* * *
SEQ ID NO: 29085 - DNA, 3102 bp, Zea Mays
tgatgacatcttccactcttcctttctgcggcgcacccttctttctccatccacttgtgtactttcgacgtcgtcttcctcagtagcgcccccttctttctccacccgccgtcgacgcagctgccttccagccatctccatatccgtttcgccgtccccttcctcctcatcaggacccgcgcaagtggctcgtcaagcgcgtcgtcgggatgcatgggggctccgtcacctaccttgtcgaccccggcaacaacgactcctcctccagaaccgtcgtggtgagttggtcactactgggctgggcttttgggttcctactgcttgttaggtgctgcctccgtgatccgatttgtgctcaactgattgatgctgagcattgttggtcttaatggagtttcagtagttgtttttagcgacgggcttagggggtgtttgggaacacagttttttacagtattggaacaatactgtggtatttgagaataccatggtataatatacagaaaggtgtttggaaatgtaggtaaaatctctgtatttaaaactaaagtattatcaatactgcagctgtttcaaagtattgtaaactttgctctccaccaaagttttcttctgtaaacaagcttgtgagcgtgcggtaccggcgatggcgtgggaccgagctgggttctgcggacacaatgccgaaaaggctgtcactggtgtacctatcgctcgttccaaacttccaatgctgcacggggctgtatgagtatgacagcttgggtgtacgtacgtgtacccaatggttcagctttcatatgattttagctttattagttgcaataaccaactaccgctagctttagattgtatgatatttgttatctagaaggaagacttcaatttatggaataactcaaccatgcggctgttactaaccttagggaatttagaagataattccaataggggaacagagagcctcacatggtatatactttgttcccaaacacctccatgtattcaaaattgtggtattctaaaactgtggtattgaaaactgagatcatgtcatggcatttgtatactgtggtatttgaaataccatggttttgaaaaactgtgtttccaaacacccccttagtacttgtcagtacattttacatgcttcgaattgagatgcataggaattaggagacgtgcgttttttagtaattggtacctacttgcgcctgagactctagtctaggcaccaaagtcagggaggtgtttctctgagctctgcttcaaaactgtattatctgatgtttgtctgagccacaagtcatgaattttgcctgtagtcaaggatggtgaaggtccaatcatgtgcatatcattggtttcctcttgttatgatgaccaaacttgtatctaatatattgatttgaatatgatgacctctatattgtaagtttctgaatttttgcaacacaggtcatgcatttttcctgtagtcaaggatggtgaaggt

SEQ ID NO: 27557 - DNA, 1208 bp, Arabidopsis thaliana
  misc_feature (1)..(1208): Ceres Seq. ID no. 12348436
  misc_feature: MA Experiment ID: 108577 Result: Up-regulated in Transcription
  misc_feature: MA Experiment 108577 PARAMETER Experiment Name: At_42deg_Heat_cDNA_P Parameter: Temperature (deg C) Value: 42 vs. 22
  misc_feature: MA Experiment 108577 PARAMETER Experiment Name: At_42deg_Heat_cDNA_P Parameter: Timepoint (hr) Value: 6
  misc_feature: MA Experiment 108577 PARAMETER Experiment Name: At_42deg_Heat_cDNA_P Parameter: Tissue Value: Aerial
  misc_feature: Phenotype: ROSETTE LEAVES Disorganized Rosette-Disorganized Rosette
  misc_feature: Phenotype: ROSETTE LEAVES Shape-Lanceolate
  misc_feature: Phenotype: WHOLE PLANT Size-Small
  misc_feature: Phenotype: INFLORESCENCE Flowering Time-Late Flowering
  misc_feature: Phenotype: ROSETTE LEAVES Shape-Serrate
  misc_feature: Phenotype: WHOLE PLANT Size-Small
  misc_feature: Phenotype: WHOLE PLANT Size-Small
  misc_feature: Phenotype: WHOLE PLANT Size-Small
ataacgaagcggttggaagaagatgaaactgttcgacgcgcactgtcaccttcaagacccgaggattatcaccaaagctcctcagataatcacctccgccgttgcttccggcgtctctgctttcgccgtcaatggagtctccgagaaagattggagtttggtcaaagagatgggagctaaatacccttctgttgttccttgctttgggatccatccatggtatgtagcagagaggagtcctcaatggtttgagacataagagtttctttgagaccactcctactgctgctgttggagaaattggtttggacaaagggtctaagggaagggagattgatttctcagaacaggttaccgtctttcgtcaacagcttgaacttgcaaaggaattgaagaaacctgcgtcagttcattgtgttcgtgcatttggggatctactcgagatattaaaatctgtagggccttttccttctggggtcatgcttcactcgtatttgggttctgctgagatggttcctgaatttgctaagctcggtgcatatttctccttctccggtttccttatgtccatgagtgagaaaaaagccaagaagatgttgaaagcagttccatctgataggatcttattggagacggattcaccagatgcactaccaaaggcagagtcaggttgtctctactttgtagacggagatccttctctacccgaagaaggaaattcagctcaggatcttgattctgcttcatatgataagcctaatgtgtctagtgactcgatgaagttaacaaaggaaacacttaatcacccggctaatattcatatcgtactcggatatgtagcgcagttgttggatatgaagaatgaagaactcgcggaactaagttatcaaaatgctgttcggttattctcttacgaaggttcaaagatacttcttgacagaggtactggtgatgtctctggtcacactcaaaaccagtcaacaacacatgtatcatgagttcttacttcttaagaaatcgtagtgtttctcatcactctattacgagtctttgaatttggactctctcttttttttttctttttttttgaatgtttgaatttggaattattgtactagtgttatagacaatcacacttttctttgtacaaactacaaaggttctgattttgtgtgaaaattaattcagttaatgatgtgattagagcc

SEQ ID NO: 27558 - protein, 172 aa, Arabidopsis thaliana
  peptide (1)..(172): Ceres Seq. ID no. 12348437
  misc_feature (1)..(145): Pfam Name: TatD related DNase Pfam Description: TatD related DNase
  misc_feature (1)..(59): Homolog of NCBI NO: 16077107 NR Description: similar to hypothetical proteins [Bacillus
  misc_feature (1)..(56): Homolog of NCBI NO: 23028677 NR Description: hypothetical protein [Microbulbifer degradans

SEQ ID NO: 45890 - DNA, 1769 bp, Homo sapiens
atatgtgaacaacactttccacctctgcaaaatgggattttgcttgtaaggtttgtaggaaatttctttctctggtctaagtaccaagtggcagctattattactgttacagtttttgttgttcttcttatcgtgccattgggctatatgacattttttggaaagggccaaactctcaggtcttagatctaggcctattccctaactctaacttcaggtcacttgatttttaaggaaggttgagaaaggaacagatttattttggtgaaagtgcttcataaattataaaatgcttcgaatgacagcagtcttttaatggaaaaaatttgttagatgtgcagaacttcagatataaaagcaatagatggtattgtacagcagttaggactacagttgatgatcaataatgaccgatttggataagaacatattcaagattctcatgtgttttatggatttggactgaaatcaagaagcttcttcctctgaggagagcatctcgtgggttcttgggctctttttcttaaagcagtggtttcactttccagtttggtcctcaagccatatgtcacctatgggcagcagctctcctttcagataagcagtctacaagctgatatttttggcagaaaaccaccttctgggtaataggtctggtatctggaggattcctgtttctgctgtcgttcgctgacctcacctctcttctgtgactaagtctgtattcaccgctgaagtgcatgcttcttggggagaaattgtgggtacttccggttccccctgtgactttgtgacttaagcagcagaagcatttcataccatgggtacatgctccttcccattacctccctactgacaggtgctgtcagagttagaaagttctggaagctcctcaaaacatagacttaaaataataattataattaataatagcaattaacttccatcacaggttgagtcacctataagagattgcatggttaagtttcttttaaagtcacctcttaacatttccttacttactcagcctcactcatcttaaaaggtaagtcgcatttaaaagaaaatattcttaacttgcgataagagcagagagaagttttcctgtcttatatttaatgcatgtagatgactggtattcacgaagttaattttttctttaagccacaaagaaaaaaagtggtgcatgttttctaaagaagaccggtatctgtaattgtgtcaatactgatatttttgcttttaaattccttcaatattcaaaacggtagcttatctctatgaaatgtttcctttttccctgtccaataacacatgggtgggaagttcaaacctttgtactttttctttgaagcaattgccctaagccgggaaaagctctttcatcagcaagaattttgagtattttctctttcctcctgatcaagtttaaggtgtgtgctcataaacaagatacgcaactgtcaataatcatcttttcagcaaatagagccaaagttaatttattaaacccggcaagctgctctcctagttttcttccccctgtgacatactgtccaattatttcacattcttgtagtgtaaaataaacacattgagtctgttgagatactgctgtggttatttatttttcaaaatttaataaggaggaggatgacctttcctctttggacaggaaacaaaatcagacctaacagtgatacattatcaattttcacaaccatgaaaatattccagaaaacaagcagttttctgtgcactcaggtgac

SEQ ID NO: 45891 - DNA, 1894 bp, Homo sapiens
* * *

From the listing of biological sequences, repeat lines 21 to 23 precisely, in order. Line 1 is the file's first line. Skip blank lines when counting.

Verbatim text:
  misc_feature (1)..(59): Homolog of NCBI NO: 16077107 NR Description: similar to hypothetical proteins [Bacillus
  misc_feature (1)..(56): Homolog of NCBI NO: 23028677 NR Description: hypothetical protein [Microbulbifer degradans

SEQ ID NO: 45890 - DNA, 1769 bp, Homo sapiens